Home Voices The Exchange 20 Truths from ‘Spiritual Detox: Discovering the Joy of Liberating Confession’

20 Truths from ‘Spiritual Detox: Discovering the Joy of Liberating Confession’

7. Confession should happen ASAP. We need to mind the gap; the time gap between the moment of sinning and confessing is a sign of how well you’re walking with God, how tuned in you are. The shorter the gap, the better. (45)

8. Confession should be a regular activity throughout every Christian’s day because the more you walk in the light, with God who is Light, the more of your sin you should see (and the more of his grace you can savor). This can be scary, even to the point where you may wonder whether you’re really saved, something we believe some of those John was writing to did. Instead of your sin taking you to your knees in confession, you can let it crush you with condemnation. Don’t let it do that because, let’s remember, 1 John isn’t about questioning genuine salvation, it’s about those who already believe confidently experiencing the joy of restored and closer fellowship with God. (45)

9. The war you are fighting, whether you realize it or not, is against the unholy alliance of the world, the flesh, and the devil, and the way they work together to ensnare, entangle and exterminate you (and everyone you know) with sin. (55)

10. In summary: the devil hates your guts and he wants you dead, physically and spiritually. His first appearance in the Scriptures reveals his ways of working. (57)

11. Sin is evil full stop. It’s way more contagious than COVID-19 and deadlier than the Marburg and Ebola viruses combined. If you hate what they’ve done to the world you should hate sin more for the suffering it causes but especially for the treasonous, ungrateful, sticking your finger up to God (your benevolent Creator) ugly act that it is. It is pure concentrated poison we have no business playing around with. (58)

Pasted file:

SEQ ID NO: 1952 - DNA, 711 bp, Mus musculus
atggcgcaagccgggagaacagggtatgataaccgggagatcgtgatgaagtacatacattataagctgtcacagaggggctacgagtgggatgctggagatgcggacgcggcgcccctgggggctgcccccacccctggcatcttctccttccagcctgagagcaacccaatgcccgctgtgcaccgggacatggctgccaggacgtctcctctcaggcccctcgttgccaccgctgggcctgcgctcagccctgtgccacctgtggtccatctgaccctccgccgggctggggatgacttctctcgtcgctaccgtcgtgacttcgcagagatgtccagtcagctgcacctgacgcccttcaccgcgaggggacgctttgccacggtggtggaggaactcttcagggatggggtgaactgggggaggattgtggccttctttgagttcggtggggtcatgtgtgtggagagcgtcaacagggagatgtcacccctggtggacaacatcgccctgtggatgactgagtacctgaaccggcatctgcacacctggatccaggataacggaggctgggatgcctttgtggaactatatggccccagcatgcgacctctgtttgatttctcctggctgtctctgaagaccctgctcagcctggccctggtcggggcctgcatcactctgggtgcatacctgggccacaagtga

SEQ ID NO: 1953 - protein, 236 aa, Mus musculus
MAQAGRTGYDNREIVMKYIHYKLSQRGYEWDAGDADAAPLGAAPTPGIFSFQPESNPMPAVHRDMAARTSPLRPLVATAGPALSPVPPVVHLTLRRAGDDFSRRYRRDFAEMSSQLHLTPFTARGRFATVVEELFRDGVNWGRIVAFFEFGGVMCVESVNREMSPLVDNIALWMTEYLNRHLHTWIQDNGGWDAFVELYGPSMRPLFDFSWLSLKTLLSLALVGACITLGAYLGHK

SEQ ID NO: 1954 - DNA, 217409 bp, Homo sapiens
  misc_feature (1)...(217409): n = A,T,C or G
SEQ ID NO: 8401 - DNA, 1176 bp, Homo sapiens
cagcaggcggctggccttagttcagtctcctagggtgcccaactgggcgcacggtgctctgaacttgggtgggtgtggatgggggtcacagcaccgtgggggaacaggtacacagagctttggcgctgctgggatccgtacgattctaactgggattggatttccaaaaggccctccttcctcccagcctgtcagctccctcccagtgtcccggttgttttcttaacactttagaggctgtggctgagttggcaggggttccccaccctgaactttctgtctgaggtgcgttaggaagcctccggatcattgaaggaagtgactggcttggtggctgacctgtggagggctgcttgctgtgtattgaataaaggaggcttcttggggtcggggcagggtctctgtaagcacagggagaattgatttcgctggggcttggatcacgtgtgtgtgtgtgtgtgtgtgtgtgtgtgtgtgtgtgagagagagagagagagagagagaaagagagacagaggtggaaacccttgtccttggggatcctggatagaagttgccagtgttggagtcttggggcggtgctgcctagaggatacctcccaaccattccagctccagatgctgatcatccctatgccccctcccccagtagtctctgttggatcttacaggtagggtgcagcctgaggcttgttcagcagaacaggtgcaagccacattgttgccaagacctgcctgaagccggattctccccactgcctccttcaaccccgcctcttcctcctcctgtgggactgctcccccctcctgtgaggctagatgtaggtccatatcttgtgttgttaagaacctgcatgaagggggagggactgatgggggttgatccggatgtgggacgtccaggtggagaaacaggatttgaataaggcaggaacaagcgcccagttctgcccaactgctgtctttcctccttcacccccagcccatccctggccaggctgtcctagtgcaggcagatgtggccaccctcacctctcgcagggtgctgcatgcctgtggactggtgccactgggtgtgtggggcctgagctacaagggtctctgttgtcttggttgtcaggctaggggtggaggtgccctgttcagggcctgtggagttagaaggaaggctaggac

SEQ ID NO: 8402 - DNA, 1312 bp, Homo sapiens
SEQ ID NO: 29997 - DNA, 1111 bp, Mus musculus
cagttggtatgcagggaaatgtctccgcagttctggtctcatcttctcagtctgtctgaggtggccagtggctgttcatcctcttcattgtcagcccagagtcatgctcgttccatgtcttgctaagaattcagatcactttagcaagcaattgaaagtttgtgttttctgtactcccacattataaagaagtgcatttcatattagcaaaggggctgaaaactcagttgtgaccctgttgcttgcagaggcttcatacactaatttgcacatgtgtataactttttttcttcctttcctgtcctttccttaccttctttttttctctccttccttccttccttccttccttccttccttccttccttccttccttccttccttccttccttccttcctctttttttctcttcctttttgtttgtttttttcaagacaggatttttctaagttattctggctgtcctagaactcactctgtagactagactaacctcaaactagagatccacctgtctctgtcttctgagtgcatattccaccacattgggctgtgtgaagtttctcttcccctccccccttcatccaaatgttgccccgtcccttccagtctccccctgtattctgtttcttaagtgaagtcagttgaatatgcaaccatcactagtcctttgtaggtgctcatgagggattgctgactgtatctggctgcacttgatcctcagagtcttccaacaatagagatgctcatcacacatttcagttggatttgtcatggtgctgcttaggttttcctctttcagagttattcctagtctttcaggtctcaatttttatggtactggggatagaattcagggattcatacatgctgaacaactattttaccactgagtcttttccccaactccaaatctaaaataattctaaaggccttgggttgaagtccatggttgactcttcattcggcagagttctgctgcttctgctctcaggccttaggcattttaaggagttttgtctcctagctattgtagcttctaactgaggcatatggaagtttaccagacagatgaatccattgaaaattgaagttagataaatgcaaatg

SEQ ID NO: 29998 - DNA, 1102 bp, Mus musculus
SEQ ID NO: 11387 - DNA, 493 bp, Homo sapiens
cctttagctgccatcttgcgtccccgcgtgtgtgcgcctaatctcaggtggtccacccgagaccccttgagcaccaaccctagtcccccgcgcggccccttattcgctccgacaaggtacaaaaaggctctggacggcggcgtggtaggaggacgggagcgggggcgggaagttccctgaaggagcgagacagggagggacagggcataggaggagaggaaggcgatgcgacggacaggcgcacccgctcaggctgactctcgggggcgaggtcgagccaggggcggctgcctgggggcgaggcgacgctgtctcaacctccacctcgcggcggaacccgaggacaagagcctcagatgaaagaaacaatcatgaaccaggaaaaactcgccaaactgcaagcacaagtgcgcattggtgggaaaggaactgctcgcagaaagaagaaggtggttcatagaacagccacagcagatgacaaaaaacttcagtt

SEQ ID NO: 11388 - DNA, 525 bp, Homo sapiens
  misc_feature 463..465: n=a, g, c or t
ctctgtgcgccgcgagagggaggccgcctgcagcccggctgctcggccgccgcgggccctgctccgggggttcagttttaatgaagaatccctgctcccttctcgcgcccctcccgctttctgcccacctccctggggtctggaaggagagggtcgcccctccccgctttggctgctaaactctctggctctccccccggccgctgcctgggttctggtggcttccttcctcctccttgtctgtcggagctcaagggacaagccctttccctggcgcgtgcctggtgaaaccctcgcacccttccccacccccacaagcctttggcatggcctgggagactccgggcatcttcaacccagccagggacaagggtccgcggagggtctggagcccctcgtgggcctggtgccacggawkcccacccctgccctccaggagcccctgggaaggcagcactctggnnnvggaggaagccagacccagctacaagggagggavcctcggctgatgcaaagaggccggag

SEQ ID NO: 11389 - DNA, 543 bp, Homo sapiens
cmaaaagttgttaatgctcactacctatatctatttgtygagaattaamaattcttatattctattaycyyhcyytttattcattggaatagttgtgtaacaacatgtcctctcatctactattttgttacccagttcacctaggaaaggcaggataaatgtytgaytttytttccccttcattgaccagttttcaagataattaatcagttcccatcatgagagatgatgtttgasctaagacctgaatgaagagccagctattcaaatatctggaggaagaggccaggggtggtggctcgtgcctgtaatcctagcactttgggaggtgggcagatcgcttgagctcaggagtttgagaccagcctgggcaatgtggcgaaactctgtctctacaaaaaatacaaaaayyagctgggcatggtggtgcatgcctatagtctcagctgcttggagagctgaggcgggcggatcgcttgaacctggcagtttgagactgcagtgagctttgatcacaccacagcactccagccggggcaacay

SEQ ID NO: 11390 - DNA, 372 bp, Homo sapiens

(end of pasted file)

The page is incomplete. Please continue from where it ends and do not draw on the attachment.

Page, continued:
12. To confess sin effectively, we must address the general root of the problem – our dishonor of God — but we also need to get specific. We need to know our besetting sins and the characteristic ways we do wrong and fail to do right. We need to know the enticements to which we typically succumb. (61)

13. The fourth-century theologian, and transformed sex addict, Augustine, put it like this: Stage 1: creation, humanity was born able to sin. Stage 2: after the fall, humanity is not able not to sin. Stage 3: after conversion, humanity is able not to sin. Stage 4: after glorification, humanity is not able to sin. You can reign over sin now, stage 3, with perhaps the greatest weapon against it, confession. (66) … you can trust God to forgive you when you confess, every time you confess, for whatever you confess. “He who calls you is faithful; he will surely do it.” (1 Thessalonians 5:24) “[H]e cannot deny himself” (2 Timothy 2:13b). His Godness demands he be faithful to his promise to forgive you and cleanse you from all, yes all, unrighteousness (including your unfaithfulness). (74)

14. It’s not just the faithfulness of God but the justice of God that guarantees your acquittal, again, and again, and again. This is love! That same phrase “the propitiation [or atoning sacrifice] for our sins” occurs in 1 John 4:10. It is immediately followed by “Beloved” that’s your identity by the way, “if God so loved us, we also ought to love one another.” (1 John 4:11) Not just loved but so — SO — loved. Breathe it in deep. (82)

15. At least four times in speaking of forgiveness, God says he will remember your sins no more. I will not remember. I will not remember. I will not remember. I will not remember. ‘What sins are you talking about…?’ God says after you’ve confessed them. (88)

16. Satan attacks God’s generosity. He makes out God is a killjoy, that he prohibited eating from any tree rather than just one. He suggests God is mean because he’s withholding this one thing from you, stopping you from seeing everything else God has already given you. (95)

17. God doesn’t leave a job unfinished. He’s not like some dodgy, rogue trading builder. God completes what he starts. He deals with the guilt of sin and the stain of sin. He forgives sin and cleanses you from it. He puts you right and gives you the power to live right. (98)